This book is designed to enable clinicians and clinicians in training to
become sensitive to a wide range of language phenomena that are important
for the diagnosis, treatment and research of psychiatric disorders. The
introductory chapters assume no prior knowledge of linguistics and outline
an approach to language that focuses on meaning and communication ranging
from cultural issues to syntax and intonation.
The volume deals in turn with the major categories of syndromes in
psychiatry which have language as an important characterizing feature.
Linguistic concepts are keyed to diagnostic criteria to make the material
accessible to the practitioner. For each disorder, the diagnostic criteria
that are related to language are outlined in specific linguistic terms.
Thus the familiar diagnostic criteria are enriched with linguistic
description that ranges from aspects of culture that constrain what can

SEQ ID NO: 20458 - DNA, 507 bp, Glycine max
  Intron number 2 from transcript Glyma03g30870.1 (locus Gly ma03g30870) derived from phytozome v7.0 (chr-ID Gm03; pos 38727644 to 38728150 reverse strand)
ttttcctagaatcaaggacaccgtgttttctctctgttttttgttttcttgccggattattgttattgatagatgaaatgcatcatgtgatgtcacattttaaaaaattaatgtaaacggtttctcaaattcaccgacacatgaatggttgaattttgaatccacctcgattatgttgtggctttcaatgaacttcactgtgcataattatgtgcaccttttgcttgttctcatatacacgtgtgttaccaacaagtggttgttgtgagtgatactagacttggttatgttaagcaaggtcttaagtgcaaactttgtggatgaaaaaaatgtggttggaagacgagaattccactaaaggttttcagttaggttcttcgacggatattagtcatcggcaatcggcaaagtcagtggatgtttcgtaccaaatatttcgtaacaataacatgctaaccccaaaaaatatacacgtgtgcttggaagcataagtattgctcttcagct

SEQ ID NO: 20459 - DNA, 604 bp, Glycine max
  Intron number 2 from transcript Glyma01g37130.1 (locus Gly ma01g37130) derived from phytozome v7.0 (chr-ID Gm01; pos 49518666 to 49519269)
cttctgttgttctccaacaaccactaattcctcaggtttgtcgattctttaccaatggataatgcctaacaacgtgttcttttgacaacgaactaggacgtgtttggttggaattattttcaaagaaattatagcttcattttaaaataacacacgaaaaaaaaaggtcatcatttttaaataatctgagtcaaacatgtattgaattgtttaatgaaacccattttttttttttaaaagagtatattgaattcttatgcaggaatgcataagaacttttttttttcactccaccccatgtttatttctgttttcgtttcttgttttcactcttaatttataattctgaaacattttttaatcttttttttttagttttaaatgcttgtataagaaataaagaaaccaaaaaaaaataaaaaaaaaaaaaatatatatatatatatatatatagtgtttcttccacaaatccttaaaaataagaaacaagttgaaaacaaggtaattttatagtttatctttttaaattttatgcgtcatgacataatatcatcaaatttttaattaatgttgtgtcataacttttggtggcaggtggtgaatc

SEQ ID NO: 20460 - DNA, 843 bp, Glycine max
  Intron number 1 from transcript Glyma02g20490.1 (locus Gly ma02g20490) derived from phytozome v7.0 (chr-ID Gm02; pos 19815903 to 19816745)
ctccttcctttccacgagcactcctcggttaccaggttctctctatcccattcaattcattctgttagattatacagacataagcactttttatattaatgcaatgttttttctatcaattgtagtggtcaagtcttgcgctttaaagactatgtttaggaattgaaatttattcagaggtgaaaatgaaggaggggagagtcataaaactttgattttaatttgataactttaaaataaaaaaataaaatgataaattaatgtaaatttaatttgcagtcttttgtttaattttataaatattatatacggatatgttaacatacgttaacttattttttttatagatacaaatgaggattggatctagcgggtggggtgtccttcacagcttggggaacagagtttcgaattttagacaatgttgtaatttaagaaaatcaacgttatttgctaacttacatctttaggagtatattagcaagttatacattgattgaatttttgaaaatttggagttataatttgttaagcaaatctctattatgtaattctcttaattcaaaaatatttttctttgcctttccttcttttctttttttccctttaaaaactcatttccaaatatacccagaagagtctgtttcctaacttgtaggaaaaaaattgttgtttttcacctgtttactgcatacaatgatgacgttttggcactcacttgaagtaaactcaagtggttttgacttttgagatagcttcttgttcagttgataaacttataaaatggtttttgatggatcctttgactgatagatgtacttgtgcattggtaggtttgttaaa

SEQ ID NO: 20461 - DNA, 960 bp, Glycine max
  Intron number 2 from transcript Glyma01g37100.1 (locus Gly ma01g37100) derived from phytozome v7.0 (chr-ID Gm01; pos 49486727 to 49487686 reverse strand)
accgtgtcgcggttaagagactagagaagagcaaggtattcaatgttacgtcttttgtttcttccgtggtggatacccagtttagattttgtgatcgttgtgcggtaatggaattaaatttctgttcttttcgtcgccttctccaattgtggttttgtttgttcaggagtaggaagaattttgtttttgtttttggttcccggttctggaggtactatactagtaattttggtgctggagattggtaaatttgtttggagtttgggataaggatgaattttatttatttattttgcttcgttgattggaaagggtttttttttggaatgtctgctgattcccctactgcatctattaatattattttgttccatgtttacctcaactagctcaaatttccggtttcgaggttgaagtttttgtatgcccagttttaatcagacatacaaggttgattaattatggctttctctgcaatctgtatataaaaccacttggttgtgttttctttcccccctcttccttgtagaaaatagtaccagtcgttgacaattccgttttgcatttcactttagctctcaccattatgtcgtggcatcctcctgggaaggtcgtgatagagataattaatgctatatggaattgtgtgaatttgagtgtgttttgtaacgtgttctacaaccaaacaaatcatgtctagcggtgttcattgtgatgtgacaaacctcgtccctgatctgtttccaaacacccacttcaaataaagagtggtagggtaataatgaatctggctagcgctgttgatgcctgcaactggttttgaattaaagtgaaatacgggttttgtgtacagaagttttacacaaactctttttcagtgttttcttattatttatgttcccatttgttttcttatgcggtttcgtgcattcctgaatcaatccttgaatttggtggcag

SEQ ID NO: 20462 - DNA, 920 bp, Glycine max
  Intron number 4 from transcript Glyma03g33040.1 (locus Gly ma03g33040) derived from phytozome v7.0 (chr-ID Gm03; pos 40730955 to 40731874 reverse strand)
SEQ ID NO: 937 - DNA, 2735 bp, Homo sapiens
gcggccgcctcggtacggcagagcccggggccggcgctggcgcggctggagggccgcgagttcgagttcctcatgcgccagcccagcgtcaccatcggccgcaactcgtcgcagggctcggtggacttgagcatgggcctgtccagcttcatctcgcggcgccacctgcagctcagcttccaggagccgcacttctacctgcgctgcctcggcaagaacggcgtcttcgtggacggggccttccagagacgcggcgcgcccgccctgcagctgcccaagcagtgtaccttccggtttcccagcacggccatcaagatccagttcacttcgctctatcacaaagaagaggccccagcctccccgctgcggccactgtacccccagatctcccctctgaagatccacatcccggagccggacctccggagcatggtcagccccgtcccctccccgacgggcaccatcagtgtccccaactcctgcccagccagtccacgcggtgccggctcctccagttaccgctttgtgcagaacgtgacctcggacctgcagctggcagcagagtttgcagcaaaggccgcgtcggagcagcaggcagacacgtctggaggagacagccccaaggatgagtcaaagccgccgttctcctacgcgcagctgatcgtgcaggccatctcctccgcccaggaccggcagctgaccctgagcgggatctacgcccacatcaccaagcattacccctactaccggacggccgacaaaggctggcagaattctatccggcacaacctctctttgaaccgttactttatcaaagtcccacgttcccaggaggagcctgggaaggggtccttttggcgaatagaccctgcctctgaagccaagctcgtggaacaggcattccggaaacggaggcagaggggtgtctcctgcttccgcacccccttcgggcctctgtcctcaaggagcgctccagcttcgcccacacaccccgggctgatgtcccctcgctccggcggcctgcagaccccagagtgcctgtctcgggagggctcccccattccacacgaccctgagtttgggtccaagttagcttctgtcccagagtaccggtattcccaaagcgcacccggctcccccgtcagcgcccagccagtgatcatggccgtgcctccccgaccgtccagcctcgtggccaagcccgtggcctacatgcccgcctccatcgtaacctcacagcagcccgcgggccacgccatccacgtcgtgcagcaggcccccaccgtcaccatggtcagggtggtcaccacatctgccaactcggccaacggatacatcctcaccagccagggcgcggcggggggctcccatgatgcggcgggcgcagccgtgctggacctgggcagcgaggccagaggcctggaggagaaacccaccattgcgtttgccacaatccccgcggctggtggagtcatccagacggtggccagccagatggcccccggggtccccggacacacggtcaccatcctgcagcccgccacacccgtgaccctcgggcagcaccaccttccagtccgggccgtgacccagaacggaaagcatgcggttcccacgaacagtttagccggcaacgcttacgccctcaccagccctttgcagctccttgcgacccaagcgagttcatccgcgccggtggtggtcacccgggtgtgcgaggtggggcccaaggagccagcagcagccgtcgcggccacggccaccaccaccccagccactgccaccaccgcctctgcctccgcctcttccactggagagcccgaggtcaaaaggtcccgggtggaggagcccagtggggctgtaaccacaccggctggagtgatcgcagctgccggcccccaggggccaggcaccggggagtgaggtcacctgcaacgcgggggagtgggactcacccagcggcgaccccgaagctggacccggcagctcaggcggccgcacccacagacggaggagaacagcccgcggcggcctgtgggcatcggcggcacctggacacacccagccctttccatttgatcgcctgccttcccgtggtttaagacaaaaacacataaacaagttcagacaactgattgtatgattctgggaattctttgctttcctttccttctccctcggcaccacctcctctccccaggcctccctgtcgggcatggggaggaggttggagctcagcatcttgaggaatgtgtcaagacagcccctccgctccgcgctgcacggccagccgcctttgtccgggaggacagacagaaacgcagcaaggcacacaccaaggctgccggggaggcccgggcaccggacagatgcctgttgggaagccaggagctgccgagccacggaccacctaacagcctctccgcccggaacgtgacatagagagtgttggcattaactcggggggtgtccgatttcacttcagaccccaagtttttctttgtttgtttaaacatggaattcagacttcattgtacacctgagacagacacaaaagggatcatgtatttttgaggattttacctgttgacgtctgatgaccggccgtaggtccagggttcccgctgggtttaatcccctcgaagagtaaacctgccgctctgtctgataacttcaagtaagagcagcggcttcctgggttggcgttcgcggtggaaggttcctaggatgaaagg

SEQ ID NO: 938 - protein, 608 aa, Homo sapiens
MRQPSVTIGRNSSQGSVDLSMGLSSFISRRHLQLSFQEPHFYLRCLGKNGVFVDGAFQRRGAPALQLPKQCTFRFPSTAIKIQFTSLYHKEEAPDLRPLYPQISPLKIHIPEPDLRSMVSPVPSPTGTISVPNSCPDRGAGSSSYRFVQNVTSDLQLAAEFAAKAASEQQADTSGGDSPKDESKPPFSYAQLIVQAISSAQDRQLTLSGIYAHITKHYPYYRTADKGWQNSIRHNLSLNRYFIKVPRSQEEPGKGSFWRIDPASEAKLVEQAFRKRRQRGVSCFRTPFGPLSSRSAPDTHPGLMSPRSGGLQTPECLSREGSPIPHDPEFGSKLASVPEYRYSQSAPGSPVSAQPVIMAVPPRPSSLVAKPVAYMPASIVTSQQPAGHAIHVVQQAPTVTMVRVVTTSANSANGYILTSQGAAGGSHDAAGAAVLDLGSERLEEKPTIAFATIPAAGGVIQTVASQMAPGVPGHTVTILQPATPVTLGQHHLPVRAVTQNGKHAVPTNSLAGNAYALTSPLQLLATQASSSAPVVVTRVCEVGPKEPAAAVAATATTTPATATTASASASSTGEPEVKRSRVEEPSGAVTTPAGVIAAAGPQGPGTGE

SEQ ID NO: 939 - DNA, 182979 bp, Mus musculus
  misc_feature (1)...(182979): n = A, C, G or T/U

make sense in the society to aspects of intonation and wording. The volume
is supplemented with appendices that link the diagnostic criteria to the
language features that are heard. Over 50 tables and diagrams provide
summary information linking psychiatric categories, language features and
"Fine has a high reputation for publishing across a range of clinical
conditions from anxiety states to the Pervasive Developmental Disorders and
is possibly the most currently highly qualified professional to write this
handbook. He has used everyday language and clear examples of normal and
deviant texts to describe and explain problems of intonation, meaning,
phonology, grammar and pragmatics. The clinician and general practitioner
(general practitioner or Psychiatrist) could open this book and find out
forthwith why his/her patient sounds odd."
Bill Fraser, Emeritus Professor of Psychiatry, University of Wales College